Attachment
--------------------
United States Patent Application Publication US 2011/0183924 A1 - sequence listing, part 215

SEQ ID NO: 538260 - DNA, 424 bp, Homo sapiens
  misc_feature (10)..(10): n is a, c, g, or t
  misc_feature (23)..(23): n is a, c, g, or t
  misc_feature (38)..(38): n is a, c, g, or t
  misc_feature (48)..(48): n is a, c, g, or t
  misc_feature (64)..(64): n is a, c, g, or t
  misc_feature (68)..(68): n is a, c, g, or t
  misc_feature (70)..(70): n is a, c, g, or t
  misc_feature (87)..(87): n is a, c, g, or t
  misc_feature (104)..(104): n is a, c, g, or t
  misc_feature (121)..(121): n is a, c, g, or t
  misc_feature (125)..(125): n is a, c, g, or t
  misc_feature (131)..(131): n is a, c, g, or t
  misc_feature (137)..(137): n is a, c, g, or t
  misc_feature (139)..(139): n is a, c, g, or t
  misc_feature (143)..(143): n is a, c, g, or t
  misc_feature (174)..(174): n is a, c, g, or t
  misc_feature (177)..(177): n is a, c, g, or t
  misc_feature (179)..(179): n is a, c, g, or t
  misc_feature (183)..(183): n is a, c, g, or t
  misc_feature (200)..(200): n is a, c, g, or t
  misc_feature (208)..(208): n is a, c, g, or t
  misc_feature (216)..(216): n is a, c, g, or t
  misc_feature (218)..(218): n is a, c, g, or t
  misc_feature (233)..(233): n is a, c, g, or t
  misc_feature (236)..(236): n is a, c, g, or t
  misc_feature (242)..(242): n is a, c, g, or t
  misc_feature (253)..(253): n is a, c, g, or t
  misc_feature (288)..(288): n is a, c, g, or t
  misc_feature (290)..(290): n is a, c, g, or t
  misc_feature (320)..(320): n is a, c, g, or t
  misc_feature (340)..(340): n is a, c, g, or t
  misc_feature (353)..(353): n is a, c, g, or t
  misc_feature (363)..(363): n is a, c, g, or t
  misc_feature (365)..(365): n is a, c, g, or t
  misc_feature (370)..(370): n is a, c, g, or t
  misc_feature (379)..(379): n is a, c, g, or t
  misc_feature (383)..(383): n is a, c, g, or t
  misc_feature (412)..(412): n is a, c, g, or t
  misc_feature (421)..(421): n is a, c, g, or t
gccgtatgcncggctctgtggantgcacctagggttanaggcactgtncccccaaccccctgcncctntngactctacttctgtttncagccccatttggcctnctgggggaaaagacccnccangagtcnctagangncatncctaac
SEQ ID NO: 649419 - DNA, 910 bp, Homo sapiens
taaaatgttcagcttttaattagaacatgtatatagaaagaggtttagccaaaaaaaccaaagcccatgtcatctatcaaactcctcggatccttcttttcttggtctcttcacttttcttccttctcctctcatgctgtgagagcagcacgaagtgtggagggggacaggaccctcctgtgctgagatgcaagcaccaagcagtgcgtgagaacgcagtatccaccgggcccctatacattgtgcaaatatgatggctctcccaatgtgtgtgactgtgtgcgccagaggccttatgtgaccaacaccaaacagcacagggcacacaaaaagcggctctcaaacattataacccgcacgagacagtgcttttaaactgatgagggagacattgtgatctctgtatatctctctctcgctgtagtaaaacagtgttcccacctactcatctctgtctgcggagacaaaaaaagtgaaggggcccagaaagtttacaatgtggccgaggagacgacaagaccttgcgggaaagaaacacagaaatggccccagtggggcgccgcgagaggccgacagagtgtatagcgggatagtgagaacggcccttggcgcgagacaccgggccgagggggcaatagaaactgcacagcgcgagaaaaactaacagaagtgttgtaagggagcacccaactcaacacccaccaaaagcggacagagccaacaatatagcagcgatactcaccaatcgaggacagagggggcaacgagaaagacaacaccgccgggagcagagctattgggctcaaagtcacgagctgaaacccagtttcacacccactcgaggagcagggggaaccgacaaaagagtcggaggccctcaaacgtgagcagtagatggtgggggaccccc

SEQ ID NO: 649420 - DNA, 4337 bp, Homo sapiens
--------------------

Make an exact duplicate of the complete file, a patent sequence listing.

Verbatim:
United States Patent Application Publication US 2011/0183924 A1 - sequence listing, part 215

SEQ ID NO: 538260 - DNA, 424 bp, Homo sapiens
  misc_feature (10)..(10): n is a, c, g, or t
  misc_feature (23)..(23): n is a, c, g, or t
  misc_feature (38)..(38): n is a, c, g, or t
  misc_feature (48)..(48): n is a, c, g, or t
  misc_feature (64)..(64): n is a, c, g, or t
  misc_feature (68)..(68): n is a, c, g, or t
  misc_feature (70)..(70): n is a, c, g, or t
  misc_feature (87)..(87): n is a, c, g, or t
  misc_feature (104)..(104): n is a, c, g, or t
  misc_feature (121)..(121): n is a, c, g, or t
  misc_feature (125)..(125): n is a, c, g, or t
  misc_feature (131)..(131): n is a, c, g, or t
  misc_feature (137)..(137): n is a, c, g, or t
  misc_feature (139)..(139): n is a, c, g, or t
  misc_feature (143)..(143): n is a, c, g, or t
  misc_feature (174)..(174): n is a, c, g, or t
  misc_feature (177)..(177): n is a, c, g, or t
  misc_feature (179)..(179): n is a, c, g, or t
  misc_feature (183)..(183): n is a, c, g, or t
  misc_feature (200)..(200): n is a, c, g, or t
  misc_feature (208)..(208): n is a, c, g, or t
  misc_feature (216)..(216): n is a, c, g, or t
  misc_feature (218)..(218): n is a, c, g, or t
  misc_feature (233)..(233): n is a, c, g, or t
  misc_feature (236)..(236): n is a, c, g, or t
  misc_feature (242)..(242): n is a, c, g, or t
  misc_feature (253)..(253): n is a, c, g, or t
  misc_feature (288)..(288): n is a, c, g, or t
  misc_feature (290)..(290): n is a, c, g, or t
  misc_feature (320)..(320): n is a, c, g, or t
  misc_feature (340)..(340): n is a, c, g, or t
  misc_feature (353)..(353): n is a, c, g, or t
  misc_feature (363)..(363): n is a, c, g, or t
  misc_feature (365)..(365): n is a, c, g, or t
  misc_feature (370)..(370): n is a, c, g, or t
  misc_feature (379)..(379): n is a, c, g, or t
  misc_feature (383)..(383): n is a, c, g, or t
  misc_feature (412)..(412): n is a, c, g, or t
  misc_feature (421)..(421): n is a, c, g, or t
gccgtatgcncggctctgtggantgcacctagggttanaggcactgtncccccaaccccctgcncctntngactctacttctgtttncagccccatttggcctnctgggggaaaagacccnccangagtcnctagangncatncctaac
SEQ ID NO: 649419 - DNA, 910 bp, Homo sapiens
taaaatgttcagcttttaattagaacatgtatatagaaagaggtttagccaaaaaaaccaaagcccatgtcatctatcaaactcctcggatccttcttttcttggtctcttcacttttcttccttctcctctcatgctgtgagagcagcacgaagtgtggagggggacaggaccctcctgtgctgagatgcaagcaccaagcagtgcgtgagaacgcagtatccaccgggcccctatacattgtgcaaatatgatggctctcccaatgtgtgtgactgtgtgcgccagaggccttatgtgaccaacaccaaacagcacagggcacacaaaaagcggctctcaaacattataacccgcacgagacagtgcttttaaactgatgagggagacattgtgatctctgtatatctctctctcgctgtagtaaaacagtgttcccacctactcatctctgtctgcggagacaaaaaaagtgaaggggcccagaaagtttacaatgtggccgaggagacgacaagaccttgcgggaaagaaacacagaaatggccccagtggggcgccgcgagaggccgacagagtgtatagcgggatagtgagaacggcccttggcgcgagacaccgggccgagggggcaatagaaactgcacagcgcgagaaaaactaacagaagtgttgtaagggagcacccaactcaacacccaccaaaagcggacagagccaacaatatagcagcgatactcaccaatcgaggacagagggggcaacgagaaagacaacaccgccgggagcagagctattgggctcaaagtcacgagctgaaacccagtttcacacccactcgaggagcagggggaaccgacaaaagagtcggaggccctcaaacgtgagcagtagatggtgggggaccccc

SEQ ID NO: 649420 - DNA, 4337 bp, Homo sapiens